The reason you are getting this thing about the
settings.json file is that the ESP8266 boards platform does not provide the necessary configuration information. If you're the "TL;DR" type, then the answer is "you can't do it". Otherwise, feel free to read on.
I'm sure more will follow over time, but as far as I know, currently the only boards platform that has been configured to provide that information is the "Arduino SAMD Boards" platform of the MKR, Nano 33 IoT, and Zero boards. If you want to use the Arduino IDE 2.x debugger, your best bet is to use one of those boards. The Arduino Zero is the most convenient due to having a built-in debug probe, so it's only a matter of plugging its "Programming" port in to your computer as usual and you're ready to go. The second most convenient is the MKR1000, due to having the standard SWD header you can plug any CMSIS-DAP compliant debug probe into. The other boards are less convenient due to having their SWD header either broken out to a non-standard 2x3 0.1" pitch SMD header footprint on the bottom of the MKR boards, or a series of test pads on the Nano 33 IoT, but you just need to make the appropriate electrical connections between a debug probe and the board and you're set.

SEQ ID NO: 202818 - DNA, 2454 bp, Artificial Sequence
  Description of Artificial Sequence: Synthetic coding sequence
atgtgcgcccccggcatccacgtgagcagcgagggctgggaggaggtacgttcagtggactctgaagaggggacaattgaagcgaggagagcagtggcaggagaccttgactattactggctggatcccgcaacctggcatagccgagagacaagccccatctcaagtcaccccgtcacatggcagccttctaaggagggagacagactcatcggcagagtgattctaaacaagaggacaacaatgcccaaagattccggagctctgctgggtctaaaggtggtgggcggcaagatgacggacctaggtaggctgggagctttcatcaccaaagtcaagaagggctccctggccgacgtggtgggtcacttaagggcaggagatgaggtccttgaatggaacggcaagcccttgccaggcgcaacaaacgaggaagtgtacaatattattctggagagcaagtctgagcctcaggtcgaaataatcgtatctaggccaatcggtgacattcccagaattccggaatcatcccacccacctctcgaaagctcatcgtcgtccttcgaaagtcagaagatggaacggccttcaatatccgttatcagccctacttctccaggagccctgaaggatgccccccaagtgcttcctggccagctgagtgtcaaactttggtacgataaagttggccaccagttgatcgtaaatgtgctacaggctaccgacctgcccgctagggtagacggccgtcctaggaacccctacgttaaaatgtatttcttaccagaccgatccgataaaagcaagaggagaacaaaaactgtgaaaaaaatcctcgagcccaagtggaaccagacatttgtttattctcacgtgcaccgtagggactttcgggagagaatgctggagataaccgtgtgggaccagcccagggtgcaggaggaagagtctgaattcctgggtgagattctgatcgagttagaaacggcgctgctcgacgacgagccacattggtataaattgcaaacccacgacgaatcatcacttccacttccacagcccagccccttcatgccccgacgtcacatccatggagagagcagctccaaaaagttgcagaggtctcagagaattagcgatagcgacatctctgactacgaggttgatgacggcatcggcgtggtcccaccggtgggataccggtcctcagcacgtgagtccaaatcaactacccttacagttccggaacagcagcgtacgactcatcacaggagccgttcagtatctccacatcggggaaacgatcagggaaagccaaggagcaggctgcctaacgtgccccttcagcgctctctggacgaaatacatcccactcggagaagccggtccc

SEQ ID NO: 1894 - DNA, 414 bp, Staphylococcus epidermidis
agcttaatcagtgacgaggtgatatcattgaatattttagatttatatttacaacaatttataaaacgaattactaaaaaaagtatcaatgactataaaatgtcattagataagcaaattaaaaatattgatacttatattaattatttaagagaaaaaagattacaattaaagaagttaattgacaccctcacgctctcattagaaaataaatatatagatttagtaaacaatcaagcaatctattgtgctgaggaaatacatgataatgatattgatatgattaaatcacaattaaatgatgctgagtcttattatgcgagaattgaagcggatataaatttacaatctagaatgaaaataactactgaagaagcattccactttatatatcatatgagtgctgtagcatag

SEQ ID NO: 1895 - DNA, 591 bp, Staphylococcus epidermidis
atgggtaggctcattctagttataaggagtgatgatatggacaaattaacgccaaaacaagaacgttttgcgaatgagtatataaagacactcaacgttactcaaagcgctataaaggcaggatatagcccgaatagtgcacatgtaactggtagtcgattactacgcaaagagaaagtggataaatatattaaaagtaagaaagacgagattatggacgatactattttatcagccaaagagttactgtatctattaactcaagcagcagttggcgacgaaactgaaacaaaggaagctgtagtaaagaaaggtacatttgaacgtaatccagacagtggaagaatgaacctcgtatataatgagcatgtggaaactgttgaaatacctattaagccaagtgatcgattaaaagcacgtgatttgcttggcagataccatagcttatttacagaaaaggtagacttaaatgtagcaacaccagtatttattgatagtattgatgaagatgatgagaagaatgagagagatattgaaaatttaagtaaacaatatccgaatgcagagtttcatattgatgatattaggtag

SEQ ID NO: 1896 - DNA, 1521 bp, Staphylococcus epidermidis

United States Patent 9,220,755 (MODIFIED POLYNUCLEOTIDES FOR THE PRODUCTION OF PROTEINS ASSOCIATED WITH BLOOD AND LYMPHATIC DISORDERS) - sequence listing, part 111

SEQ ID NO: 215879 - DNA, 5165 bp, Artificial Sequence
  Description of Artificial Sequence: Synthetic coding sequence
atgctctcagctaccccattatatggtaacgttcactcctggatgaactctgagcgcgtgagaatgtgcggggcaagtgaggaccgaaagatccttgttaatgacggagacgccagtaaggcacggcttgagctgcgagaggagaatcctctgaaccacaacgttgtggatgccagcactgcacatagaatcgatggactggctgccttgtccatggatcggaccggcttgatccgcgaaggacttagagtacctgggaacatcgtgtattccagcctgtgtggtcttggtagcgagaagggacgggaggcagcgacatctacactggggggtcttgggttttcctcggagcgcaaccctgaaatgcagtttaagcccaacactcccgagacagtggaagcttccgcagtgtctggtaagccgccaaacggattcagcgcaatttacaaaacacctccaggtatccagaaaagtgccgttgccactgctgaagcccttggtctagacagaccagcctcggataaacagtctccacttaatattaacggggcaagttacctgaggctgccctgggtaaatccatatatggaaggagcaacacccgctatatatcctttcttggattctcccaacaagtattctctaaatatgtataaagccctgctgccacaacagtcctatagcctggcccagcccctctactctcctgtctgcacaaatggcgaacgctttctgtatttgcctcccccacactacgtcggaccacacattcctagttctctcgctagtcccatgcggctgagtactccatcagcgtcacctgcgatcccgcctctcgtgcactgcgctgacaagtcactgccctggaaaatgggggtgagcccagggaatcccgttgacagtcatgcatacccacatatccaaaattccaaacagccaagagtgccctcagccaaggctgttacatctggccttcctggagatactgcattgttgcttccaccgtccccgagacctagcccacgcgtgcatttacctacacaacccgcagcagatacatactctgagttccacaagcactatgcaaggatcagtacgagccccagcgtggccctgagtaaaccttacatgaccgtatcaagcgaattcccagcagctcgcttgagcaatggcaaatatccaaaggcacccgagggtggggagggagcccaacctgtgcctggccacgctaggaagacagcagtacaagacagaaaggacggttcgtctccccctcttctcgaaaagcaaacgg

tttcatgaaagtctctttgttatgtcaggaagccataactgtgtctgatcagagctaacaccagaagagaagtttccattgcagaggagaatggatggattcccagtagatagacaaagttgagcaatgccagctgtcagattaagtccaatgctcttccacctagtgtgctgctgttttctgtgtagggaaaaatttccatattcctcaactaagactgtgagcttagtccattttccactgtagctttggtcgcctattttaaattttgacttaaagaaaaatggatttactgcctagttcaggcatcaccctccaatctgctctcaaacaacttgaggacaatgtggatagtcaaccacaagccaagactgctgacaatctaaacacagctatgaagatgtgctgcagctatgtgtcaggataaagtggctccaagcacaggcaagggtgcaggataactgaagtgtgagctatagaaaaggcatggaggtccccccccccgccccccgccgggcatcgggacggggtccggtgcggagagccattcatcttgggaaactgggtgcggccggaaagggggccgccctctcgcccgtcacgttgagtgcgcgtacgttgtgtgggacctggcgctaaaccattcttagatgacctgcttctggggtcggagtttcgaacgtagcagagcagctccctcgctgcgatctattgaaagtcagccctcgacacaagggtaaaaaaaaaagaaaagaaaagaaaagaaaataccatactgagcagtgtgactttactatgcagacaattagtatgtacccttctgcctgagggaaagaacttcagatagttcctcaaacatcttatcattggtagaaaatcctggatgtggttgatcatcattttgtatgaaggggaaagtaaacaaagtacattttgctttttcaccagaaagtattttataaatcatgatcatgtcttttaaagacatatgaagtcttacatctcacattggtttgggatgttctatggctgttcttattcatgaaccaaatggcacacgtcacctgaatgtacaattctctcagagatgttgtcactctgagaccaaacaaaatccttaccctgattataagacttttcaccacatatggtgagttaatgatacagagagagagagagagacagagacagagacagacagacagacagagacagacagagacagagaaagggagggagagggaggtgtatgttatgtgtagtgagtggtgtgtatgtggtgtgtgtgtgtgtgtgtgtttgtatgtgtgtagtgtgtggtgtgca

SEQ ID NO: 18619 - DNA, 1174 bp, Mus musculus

There is nothing about the debugger that restricts it to use only for the "Arduino SAMD Boards" platform. The configuration parameters are not fully documented (there is a little piece here), but you can find the necessary minimal changes by checking the
platform.txt configuration file of the Arduino SAMD Boards platform:
However, it's not sure whether or not it is possible to use it with the ESP8266. Even though the Arduino boards platform configuration system for the debugger is reasonably flexible and the GDB command line tool driving the whole thing can be used with the ESP8266, the IDE's integrated debugger is this VS Code extension:
Note in the description:
Debugging support for ARM Cortex-M Microcontrollers
The ESP8266 does not use an ARM Cortex-M core, so this is not such a promising sign.
Armed with this knowledge, you might be able to learn more with some research and experimentation.